When asked what do I - a proud Wiradjuri woman - want to see included in school curriculums regarding Aboriginal history, the answer is simple: the truth, the whole truth, and nothing but the truth. But, in modern Australia, there has been an undeniable tendency to shy away from telling the truth about Indigenous history.
As a starting point, it is worth noting that some of the domestic debate tied to the #blacklivesmatter movement has centred on where, in educational terms, Indigenous Australian history fits into the wider Australian narrative. That’s part of the problem, because Australia’s history does not exist outside of Aboriginal history. In fact, there can’t be one without the other. Since 1770 they have been one and the same.
To ignore Aboriginal people and issues within Australian history is to tell an incomplete story. The stockman, the bushranger, the explorer, the ANZAC, the returned soldiers, the floods and bushfires, the overcoming of adversity … all of these identities and legacies involve Aboriginal people.
As expressed by Uncle Stan Grant senior, we do not live in two worlds, we live in the same world. Thus, there is no Aboriginal world and ‘white’ world and, therefore, no Australian history outside of Aboriginal history. We must tell our shared history – all of it, good and bad.
Aboriginal history is not something that ceased in either 1770 or in 1788. In every stage and movement of our nation’s progress, Aboriginal people have been there and been actively involved, even if that was via their exclusion, such as at Federation.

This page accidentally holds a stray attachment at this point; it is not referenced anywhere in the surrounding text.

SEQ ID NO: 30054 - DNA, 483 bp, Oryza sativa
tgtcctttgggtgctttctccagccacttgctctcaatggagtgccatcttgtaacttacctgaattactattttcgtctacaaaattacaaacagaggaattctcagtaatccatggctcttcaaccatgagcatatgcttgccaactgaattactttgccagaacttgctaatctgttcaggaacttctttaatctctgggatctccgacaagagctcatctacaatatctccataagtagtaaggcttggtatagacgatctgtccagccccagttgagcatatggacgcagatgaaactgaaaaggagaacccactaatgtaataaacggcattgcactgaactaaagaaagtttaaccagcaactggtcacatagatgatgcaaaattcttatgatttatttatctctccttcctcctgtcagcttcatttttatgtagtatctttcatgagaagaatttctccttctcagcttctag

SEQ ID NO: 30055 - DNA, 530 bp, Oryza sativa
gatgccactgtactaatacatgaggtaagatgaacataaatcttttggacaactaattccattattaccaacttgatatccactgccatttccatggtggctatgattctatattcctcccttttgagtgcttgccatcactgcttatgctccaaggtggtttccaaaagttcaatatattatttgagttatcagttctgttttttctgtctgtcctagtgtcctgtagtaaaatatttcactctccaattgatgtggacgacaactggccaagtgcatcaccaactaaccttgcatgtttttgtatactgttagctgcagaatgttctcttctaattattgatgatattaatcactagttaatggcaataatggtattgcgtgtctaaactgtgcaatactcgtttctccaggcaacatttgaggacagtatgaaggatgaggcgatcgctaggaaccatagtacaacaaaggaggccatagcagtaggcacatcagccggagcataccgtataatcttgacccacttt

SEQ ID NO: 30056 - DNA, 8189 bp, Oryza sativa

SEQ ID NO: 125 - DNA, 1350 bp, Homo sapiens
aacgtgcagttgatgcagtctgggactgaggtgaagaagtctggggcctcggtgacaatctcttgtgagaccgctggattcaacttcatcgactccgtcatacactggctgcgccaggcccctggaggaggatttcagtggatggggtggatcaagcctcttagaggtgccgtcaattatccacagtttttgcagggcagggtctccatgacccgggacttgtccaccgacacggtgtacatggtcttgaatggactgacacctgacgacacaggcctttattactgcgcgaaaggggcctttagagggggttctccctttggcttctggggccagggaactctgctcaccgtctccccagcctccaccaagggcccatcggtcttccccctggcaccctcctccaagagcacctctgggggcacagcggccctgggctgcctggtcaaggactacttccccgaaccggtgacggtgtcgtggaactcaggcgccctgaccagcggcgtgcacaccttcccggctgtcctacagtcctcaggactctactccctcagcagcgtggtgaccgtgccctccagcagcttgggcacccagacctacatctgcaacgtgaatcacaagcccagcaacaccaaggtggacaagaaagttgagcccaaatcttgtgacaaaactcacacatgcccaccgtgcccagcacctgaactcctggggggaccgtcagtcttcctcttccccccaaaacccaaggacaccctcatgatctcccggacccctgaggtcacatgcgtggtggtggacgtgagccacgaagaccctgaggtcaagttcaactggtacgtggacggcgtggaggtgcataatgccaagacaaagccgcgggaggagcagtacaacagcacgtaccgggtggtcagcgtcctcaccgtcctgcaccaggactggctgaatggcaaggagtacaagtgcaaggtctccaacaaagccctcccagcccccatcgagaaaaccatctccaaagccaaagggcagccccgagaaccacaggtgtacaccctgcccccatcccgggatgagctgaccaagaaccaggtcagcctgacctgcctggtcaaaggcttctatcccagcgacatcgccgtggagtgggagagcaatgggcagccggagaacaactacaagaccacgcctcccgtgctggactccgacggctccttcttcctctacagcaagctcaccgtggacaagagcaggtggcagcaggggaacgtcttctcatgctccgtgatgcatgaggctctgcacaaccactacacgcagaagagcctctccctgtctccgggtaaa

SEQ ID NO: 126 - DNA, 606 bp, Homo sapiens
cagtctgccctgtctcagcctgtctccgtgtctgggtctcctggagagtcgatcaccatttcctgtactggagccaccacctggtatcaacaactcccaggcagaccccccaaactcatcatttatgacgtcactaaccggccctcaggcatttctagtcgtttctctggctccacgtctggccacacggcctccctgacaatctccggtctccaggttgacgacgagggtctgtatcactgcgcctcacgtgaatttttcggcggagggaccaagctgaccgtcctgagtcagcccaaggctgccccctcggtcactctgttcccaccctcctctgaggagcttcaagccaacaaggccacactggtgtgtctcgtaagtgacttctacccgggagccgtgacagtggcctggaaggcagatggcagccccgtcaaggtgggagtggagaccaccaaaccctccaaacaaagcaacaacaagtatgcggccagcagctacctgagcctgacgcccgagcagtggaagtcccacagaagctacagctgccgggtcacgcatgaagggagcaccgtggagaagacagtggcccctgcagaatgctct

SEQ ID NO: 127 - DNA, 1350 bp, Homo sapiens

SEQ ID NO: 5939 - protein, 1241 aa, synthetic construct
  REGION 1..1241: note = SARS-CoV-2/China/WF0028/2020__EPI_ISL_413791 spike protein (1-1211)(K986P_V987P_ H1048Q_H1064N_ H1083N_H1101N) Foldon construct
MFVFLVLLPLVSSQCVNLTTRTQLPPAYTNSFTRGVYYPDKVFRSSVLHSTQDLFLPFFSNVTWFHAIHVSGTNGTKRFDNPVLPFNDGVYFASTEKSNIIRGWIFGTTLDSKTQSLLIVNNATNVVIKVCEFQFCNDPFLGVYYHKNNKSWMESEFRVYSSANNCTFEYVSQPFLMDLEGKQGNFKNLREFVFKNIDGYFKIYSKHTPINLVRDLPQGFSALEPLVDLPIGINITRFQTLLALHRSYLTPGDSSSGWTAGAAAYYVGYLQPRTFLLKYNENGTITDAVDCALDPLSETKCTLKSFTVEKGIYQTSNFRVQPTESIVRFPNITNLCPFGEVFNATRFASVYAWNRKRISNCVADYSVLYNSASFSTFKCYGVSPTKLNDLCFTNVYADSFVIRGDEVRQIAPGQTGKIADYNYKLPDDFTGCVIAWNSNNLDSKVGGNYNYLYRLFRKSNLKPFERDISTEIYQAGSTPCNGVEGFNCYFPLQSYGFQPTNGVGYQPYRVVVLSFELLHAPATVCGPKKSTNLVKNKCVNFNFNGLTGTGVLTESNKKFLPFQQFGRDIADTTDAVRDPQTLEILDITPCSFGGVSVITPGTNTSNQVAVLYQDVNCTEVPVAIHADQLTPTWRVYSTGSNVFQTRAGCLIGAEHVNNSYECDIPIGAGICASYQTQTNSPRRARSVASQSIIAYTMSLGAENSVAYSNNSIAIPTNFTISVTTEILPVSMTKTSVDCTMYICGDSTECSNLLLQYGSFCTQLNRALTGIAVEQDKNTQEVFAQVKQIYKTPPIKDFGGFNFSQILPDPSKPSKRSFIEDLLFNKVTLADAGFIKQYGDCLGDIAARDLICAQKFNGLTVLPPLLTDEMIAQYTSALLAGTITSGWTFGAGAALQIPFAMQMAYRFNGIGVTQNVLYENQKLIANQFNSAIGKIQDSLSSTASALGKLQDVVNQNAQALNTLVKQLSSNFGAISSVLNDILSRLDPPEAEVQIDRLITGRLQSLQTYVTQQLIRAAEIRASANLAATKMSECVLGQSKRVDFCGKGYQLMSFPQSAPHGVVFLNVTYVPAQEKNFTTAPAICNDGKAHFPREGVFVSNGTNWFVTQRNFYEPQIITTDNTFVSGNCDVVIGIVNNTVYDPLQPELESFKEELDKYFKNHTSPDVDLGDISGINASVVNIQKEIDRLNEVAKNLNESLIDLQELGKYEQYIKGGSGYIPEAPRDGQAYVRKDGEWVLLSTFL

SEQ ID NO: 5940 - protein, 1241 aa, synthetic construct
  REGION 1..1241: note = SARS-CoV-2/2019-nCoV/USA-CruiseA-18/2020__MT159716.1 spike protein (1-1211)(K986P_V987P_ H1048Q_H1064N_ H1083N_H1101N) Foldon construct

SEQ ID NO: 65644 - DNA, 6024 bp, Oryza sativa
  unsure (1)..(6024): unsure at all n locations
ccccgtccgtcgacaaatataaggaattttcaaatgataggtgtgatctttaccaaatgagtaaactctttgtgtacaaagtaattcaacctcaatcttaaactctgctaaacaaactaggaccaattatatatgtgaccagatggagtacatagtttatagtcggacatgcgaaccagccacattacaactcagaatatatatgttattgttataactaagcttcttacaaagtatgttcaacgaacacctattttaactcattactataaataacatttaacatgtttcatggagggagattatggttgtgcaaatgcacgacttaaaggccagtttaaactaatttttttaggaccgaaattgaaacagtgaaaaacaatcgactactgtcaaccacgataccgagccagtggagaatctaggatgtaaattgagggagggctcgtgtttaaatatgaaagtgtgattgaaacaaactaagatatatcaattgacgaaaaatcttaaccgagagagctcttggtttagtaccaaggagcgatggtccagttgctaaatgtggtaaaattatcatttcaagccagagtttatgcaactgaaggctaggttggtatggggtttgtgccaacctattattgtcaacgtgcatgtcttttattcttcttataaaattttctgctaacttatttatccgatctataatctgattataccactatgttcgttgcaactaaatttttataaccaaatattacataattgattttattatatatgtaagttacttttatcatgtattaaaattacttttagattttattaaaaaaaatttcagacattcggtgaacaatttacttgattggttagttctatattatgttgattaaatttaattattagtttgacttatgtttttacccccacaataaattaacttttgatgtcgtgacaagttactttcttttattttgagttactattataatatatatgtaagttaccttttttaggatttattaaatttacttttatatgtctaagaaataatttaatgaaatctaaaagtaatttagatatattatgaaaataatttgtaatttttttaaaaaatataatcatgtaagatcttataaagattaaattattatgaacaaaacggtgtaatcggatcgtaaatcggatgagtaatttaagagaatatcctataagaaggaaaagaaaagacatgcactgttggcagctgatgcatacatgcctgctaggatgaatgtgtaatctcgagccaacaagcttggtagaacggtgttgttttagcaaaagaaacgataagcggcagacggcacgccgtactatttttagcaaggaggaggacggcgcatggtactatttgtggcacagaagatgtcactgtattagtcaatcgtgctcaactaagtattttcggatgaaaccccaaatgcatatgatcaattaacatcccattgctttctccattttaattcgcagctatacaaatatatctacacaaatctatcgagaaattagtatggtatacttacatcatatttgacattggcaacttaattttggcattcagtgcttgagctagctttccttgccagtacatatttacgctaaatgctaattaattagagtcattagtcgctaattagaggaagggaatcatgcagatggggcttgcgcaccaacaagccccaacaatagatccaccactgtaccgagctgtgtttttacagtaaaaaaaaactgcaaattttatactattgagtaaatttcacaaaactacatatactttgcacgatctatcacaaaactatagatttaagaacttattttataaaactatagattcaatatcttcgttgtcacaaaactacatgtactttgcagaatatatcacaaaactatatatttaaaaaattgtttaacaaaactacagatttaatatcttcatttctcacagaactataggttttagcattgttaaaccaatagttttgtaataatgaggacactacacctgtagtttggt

What about the children? I have heard for almost as many years as I have lived that if we tell children about the Stolen Generations, about the murders, and stolen land, they will not be able to cope because it is too much for them to comprehend.
That has never been my experience of children. Children are open-minded, and not affected by the same degree of personal guilt as adults. They can see something wrong and call it, and tend to empathise when they see or hear of wrongdoing. We do our children a great disservice by hiding the truth from them.
The problem with hiding the bad bits of our history is that, in doing this, we also hide some of the good bits: the stories of great strength and resilience among Aboriginal people, and the stories of non-Aboriginal people who stood up and spoke out against what was happening, quite often at a great personal cost to themselves and their families.
We offer a limited view of history, one which railroads any narrative that we have overcome a disastrous start to be a nation based on those values we like to claim: mateship and a fair-go for all.
In the words of Uncle Pat Connolly, you must look back, in order to move forward, and you need to know where you have been in order to know where you must go. If we do not know our past, we cannot address the legacies we have been left, and we will keep fighting over things like the date of Australia Day, the role and commemoration of Captain Cook, why we can’t get the ‘Closing the Gap’ programs outcomes right, and so on.
As our children and our children’s children are the ones who will inherent the legacy of our shared history, we owe it to them to make sure they know the truth. To do otherwise is to open the door to ongoing ignorance, a state which has resulted in damaging statements like those recently made by our Prime Minister that there is no history slavery in Australia.
In the words of a young man who I had the pleasure of knowing before he passed from cancer at the age of 15, ‘you can’t have the beauty of a rose without the pain of the thorns’. Australia’s history is like that: without knowing the full story, we can never truly celebrate our successes.